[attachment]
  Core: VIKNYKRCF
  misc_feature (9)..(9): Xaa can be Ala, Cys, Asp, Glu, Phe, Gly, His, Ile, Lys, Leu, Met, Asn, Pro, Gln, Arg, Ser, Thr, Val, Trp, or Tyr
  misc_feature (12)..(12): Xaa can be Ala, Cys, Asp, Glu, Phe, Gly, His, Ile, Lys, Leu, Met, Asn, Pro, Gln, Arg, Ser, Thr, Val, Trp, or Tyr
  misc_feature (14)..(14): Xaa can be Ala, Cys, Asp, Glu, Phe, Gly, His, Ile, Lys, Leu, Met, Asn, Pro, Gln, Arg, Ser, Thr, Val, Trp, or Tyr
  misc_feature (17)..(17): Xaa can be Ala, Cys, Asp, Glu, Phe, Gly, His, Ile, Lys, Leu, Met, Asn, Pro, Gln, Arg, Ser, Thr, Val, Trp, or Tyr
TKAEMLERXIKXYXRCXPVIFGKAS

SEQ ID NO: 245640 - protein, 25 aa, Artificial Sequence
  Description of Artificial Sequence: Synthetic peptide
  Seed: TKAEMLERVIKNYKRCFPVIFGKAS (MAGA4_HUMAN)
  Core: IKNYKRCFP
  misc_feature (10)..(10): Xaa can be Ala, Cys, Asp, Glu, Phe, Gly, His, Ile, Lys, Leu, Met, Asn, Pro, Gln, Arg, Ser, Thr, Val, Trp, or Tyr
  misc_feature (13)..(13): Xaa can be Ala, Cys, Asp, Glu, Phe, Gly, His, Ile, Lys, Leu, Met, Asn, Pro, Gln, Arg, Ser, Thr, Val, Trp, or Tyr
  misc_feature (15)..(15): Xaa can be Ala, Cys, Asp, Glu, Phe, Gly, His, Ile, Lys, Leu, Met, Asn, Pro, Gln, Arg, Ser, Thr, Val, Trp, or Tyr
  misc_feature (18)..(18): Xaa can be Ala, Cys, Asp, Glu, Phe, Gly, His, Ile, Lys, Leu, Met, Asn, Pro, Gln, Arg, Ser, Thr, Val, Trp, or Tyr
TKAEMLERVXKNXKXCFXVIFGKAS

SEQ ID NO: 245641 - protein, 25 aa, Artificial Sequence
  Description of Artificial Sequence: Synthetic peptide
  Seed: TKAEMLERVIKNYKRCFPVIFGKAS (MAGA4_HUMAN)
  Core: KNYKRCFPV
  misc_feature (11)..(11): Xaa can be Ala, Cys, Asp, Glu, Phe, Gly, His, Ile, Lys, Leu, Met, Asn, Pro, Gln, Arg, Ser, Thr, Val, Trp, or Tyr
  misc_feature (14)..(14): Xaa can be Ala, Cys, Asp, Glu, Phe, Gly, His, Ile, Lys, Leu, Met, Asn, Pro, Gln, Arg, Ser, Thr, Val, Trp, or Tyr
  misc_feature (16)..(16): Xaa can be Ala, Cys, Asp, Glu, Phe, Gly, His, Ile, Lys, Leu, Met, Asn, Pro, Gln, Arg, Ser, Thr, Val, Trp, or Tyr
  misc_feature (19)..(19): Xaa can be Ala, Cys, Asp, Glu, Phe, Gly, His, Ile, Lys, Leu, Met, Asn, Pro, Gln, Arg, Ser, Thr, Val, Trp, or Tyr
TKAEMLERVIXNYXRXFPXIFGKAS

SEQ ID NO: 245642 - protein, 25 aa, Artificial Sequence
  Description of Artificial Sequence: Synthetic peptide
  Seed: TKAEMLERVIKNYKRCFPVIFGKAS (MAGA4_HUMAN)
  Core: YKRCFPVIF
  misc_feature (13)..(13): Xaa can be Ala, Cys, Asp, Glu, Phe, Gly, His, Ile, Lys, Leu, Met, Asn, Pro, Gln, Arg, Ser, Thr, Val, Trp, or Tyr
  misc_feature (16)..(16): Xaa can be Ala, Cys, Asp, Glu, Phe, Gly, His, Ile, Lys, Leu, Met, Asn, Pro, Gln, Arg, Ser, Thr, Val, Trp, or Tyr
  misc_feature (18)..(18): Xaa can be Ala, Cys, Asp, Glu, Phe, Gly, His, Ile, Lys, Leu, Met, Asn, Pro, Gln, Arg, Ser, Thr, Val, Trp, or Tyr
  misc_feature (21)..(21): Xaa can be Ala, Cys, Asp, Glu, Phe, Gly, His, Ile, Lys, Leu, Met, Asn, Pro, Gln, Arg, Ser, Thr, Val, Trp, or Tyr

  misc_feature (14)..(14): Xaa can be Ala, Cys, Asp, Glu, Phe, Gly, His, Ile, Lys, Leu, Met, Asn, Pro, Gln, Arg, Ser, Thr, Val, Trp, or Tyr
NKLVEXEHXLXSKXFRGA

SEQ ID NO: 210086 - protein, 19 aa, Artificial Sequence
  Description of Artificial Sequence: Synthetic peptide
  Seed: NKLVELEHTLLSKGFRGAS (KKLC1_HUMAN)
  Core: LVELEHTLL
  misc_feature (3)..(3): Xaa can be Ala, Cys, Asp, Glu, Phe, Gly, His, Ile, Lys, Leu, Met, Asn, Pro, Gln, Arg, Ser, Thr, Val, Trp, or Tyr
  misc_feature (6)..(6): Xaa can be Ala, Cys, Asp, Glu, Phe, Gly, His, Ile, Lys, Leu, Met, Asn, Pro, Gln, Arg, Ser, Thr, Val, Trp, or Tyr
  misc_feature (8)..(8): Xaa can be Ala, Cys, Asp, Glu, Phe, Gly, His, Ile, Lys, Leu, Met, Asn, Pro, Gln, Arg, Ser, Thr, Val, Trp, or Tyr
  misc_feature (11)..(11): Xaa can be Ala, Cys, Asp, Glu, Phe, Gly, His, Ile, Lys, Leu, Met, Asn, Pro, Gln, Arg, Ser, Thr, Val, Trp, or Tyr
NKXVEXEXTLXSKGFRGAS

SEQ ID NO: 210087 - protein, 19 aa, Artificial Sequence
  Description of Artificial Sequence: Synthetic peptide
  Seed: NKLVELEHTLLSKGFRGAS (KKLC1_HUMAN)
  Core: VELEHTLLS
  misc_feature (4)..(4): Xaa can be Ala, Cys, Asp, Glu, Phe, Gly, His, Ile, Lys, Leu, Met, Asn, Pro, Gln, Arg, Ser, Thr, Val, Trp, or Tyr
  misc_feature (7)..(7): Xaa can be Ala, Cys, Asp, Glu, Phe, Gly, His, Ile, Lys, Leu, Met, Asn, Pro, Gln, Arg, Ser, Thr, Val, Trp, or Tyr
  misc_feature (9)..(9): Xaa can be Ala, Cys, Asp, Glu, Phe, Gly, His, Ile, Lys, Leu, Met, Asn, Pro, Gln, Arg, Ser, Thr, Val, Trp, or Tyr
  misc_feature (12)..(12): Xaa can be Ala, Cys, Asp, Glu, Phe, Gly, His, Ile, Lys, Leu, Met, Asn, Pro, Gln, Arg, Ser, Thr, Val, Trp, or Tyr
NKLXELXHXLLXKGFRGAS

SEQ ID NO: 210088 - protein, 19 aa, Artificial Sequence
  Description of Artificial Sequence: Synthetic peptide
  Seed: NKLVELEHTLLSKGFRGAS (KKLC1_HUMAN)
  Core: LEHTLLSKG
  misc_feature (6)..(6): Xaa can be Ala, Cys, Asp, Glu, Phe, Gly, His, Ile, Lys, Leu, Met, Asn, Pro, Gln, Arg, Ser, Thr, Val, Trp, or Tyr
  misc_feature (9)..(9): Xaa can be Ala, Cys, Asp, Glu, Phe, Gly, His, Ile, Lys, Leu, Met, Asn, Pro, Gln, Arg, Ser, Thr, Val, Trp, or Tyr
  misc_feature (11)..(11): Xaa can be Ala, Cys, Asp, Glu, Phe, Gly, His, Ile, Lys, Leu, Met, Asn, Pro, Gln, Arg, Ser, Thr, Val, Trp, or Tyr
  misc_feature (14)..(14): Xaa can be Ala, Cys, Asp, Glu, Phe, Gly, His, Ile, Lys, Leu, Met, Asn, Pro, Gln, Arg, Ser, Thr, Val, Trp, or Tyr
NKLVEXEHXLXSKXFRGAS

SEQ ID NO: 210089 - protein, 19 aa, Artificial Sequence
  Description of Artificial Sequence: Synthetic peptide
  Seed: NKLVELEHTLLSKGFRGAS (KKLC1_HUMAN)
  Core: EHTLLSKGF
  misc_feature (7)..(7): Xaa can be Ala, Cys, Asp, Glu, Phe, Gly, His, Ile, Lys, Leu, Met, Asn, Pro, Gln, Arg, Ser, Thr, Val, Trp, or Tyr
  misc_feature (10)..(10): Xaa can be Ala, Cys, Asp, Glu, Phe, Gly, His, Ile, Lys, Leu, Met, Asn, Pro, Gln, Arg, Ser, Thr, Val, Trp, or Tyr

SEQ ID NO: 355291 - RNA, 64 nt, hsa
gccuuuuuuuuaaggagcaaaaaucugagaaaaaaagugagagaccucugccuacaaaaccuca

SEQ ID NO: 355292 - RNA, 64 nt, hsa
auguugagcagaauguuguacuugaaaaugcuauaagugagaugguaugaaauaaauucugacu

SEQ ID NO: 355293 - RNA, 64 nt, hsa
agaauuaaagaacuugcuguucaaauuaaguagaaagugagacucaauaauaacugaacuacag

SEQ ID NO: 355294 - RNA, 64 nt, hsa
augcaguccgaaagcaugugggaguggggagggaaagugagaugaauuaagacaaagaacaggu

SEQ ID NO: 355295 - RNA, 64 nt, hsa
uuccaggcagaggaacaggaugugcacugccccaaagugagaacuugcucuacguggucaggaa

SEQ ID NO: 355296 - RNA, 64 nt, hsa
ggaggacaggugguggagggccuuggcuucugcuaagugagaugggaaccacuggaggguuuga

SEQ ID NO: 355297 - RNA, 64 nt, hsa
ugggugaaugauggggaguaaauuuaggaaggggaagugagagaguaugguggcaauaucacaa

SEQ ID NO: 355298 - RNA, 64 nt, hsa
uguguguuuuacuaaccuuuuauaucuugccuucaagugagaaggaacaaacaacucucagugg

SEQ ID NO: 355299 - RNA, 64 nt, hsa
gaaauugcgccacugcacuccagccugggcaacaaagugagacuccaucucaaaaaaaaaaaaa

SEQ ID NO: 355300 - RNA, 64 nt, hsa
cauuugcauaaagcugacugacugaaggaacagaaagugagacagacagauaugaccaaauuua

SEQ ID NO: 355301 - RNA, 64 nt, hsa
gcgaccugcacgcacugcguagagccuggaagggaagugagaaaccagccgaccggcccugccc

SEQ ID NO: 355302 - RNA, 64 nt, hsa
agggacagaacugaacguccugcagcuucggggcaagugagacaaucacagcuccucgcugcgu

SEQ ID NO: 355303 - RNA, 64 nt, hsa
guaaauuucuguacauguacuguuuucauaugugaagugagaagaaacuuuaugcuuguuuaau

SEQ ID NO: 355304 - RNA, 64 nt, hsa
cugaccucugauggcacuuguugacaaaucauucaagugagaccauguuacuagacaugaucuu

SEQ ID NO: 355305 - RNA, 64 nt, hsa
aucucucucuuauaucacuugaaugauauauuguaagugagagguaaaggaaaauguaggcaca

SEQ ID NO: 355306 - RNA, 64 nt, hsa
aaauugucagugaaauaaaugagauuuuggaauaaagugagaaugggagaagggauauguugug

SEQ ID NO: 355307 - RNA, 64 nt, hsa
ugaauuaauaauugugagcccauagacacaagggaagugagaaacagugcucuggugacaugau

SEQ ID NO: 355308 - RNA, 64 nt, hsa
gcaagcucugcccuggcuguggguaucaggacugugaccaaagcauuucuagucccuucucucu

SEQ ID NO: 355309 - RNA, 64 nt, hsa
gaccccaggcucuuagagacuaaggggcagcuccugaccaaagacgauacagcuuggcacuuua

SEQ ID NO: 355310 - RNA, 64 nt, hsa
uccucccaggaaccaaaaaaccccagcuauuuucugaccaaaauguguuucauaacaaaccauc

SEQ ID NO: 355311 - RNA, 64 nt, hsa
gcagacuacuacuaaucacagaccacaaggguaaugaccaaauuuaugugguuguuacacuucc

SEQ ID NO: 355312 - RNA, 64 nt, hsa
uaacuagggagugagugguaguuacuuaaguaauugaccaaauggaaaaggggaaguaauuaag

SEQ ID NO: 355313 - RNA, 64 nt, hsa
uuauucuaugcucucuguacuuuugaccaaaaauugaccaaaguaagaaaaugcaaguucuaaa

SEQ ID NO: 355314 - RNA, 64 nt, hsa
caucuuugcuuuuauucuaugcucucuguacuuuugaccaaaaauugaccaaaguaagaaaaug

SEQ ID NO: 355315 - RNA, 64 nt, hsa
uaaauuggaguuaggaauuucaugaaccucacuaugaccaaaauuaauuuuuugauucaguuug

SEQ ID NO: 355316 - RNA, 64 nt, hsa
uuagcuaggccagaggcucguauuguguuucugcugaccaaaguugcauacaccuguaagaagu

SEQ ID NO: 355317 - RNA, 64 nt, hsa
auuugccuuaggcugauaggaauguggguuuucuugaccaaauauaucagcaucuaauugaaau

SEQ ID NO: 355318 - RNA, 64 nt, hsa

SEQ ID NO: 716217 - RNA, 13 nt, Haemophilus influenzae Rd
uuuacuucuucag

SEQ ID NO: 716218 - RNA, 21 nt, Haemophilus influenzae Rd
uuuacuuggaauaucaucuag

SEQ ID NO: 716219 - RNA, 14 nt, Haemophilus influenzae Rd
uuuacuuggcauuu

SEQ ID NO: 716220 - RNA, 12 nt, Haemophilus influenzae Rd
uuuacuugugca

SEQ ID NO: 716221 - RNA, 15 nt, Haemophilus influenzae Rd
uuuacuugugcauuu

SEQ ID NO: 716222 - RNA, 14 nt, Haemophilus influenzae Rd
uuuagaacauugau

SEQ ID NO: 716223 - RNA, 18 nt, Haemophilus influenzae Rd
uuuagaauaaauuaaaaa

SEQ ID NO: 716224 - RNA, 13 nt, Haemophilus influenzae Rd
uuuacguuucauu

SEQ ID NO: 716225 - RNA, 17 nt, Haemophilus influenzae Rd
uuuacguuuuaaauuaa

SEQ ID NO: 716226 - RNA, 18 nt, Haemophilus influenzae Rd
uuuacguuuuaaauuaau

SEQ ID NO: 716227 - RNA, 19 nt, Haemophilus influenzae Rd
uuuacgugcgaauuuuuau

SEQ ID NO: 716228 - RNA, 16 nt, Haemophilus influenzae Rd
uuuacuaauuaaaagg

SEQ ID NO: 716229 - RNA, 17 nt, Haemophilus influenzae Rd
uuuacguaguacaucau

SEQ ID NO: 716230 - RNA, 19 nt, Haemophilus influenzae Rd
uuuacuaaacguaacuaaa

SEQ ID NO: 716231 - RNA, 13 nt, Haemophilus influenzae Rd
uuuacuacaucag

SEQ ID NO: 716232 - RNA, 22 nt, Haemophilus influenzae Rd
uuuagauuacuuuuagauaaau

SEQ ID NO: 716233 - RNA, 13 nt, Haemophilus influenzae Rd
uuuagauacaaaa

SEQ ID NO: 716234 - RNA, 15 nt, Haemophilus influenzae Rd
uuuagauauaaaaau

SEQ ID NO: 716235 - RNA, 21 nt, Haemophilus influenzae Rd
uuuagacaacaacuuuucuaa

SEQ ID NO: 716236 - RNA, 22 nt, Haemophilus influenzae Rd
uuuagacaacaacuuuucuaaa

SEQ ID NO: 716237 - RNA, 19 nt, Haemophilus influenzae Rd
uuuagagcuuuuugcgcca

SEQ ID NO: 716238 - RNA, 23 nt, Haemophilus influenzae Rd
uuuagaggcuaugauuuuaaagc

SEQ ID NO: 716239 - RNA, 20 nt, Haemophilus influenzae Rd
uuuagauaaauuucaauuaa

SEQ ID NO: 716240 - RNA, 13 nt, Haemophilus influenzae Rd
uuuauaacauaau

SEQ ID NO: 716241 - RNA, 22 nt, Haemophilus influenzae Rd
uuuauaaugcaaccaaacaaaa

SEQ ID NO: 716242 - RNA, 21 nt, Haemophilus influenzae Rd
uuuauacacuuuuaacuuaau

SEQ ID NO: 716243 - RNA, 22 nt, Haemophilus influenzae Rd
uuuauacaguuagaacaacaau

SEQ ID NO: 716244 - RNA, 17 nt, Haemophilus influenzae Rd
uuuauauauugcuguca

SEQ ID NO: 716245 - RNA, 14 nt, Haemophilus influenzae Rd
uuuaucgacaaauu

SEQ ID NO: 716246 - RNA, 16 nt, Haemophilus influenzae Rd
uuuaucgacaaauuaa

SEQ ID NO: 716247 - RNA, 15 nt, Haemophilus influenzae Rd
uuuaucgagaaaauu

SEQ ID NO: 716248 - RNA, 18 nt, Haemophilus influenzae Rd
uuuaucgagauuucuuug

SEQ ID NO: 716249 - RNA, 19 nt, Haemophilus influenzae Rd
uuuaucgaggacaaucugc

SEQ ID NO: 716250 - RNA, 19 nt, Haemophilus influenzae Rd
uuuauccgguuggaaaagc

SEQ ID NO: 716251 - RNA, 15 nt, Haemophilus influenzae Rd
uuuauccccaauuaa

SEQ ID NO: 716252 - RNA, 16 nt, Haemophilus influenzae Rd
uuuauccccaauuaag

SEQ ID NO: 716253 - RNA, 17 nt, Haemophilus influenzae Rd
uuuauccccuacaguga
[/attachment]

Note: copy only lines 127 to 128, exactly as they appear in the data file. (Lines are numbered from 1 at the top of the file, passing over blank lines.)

SEQ ID NO: 716219 - RNA, 14 nt, Haemophilus influenzae Rd
uuuacuuggcauuu